A holographic microscope for just $250

November 6, 2012

Holographic microscope (credit: Atsushi Shiraki et al.)

You can build a holographic microscope for $250 (for parts), MIT Technology Review Physics arXiv Blog reports.

Holographic microscopes record the 3D shape of tiny objects such as cells in high resolution, unlike traditional microscopes, which have a tiny field of view and shallow depth of field.

With a holographic microscope, you make a hologram of the sample: split a laser beam in two, use one as a reference beam and bounce the other off the sample to record the pattern of phase shifts that this produces using a digital camera. Recombining the beams produces an interference pattern that can be analyzed to retrieve 3D information about the sample in high resolution.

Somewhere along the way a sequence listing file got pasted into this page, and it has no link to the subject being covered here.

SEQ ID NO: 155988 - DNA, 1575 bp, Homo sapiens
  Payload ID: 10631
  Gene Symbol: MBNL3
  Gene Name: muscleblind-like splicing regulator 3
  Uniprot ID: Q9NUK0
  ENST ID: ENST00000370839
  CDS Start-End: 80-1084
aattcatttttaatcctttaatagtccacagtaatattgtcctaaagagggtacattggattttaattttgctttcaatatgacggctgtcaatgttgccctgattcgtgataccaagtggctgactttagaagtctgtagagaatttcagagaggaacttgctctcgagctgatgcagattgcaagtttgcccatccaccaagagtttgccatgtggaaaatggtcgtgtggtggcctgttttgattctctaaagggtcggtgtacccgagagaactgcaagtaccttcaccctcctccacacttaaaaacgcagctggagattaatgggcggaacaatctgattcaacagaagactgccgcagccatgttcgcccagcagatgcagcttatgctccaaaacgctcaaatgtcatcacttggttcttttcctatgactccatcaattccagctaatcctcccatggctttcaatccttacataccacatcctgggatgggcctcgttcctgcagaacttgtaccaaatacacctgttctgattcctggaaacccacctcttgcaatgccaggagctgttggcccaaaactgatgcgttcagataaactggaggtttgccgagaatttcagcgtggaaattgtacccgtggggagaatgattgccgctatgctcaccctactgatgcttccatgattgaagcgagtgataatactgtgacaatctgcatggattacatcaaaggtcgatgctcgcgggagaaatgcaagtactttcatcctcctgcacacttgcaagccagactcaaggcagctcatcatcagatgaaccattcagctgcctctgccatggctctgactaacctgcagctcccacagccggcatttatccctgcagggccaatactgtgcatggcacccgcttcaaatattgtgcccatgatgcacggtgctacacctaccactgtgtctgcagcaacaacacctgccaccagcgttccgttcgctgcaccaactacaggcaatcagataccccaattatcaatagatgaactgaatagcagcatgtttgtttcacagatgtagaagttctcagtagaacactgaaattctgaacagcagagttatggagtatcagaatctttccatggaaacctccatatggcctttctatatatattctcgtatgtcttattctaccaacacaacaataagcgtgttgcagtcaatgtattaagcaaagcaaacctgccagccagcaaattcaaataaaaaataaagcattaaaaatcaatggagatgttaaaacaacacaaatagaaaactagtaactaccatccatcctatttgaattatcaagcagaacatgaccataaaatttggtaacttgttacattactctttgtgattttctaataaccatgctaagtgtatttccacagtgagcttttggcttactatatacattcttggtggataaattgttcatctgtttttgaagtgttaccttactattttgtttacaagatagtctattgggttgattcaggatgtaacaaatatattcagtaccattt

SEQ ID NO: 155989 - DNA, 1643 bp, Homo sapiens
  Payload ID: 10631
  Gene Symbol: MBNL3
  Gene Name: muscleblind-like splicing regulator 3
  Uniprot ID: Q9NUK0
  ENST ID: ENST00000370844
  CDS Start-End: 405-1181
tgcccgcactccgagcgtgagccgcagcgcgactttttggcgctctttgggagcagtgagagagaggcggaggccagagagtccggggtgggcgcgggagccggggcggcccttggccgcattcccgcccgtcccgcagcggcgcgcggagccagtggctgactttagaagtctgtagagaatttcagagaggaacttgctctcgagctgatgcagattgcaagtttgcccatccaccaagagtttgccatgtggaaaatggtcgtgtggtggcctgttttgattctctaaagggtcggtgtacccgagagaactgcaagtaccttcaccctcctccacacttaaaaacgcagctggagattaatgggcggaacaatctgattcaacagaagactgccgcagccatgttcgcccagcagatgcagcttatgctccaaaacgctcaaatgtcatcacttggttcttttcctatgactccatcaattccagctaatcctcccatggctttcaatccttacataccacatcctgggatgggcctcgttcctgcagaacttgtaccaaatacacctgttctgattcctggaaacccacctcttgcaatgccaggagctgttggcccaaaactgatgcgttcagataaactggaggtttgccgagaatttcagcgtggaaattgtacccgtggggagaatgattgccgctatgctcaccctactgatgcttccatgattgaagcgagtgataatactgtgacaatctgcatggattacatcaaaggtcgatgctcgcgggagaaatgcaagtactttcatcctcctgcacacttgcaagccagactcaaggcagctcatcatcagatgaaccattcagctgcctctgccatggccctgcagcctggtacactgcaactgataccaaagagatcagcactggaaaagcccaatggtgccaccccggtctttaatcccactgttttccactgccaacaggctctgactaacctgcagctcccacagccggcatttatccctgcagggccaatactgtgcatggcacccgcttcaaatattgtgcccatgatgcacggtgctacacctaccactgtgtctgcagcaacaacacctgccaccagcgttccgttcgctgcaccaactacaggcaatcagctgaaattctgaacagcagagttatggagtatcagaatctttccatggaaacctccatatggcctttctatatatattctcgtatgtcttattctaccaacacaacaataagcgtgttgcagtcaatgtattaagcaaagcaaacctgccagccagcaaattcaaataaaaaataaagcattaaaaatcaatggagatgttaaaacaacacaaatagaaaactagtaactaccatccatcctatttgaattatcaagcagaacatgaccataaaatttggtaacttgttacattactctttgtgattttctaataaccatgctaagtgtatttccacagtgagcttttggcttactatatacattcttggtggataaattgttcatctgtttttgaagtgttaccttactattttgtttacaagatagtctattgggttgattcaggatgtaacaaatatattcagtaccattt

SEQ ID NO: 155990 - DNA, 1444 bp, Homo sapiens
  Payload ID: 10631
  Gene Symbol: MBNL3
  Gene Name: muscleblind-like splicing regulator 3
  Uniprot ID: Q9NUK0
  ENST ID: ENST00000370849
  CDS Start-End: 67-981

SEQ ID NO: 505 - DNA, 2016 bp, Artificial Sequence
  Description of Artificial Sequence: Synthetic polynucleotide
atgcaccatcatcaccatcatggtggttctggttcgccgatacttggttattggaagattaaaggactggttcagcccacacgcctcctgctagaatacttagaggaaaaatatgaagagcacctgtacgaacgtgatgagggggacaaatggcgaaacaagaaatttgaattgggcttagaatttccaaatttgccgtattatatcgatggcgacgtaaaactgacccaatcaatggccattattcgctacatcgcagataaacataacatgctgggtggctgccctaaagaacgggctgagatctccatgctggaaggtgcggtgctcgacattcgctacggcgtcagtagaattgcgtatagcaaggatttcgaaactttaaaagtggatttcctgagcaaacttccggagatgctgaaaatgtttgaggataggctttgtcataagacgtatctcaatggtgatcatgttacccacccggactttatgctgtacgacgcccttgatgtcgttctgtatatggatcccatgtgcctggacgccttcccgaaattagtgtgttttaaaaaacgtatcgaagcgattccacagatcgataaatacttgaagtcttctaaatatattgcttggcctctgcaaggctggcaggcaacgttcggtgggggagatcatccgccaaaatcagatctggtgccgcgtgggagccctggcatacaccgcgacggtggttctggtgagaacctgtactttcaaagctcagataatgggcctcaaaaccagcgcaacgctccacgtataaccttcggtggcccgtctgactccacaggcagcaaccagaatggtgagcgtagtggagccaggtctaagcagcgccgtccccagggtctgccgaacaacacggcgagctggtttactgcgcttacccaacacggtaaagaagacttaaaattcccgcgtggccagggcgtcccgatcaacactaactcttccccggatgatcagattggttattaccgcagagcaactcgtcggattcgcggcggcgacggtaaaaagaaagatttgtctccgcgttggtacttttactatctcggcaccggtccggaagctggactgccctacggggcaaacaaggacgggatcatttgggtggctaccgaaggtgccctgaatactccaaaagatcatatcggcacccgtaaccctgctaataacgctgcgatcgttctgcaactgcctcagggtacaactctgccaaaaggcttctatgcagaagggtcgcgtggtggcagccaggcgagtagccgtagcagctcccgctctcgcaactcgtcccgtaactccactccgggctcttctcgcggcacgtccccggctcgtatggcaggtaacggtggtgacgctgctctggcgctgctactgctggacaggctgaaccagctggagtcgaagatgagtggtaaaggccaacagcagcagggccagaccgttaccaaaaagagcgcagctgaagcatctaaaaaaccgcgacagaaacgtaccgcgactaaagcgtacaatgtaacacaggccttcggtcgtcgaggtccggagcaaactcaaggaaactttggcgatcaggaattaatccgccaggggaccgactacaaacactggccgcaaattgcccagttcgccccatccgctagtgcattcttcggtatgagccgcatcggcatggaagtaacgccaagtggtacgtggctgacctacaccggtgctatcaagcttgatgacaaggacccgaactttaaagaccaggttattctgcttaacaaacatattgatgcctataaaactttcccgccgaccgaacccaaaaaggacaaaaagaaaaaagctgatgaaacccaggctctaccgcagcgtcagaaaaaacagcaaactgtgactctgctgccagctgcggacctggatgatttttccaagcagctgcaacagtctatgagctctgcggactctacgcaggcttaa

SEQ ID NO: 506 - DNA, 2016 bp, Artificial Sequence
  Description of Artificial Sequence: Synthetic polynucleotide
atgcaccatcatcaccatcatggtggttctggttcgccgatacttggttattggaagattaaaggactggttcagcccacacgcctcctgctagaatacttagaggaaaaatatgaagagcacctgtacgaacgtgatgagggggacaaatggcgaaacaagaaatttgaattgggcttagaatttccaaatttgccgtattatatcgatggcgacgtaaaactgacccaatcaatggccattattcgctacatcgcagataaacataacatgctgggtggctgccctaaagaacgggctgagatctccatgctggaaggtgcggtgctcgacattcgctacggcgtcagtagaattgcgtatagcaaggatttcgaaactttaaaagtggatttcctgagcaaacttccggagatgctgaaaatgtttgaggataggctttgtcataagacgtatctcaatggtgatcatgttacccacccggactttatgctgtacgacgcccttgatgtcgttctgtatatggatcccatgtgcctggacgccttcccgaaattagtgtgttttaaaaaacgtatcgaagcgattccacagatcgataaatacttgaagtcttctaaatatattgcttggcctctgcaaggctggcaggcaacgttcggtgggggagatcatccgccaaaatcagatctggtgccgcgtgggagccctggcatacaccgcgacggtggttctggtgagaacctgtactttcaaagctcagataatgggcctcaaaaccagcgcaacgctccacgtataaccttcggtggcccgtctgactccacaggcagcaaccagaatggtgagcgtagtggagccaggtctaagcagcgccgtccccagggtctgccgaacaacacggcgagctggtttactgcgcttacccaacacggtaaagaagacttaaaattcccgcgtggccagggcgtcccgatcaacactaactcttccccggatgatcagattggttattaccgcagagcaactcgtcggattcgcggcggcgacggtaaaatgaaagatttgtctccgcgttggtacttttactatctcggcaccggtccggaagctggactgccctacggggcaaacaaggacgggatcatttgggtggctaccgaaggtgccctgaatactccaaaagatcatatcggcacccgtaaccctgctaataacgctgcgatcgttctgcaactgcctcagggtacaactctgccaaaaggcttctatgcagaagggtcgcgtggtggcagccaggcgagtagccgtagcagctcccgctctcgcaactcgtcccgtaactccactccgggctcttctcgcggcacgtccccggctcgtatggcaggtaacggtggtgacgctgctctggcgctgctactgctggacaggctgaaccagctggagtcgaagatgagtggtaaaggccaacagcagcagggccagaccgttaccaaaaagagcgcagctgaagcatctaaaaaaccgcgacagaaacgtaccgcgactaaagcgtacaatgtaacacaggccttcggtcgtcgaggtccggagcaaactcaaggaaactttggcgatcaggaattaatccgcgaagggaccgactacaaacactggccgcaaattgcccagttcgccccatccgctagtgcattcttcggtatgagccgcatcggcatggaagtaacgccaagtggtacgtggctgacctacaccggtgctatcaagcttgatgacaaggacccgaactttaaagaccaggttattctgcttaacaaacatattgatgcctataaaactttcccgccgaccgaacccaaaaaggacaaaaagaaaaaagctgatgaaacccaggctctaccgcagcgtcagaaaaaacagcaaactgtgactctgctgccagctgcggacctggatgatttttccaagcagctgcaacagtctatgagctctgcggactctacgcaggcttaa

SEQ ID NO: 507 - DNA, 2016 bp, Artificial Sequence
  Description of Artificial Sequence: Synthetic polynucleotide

Kisarazu National College of Technology in Japan experimenters have provided plans (Ref. below) for building a small portable digital holographic microscope using a web camera, a small solid state laser, an optical pinhole, and free open-source software.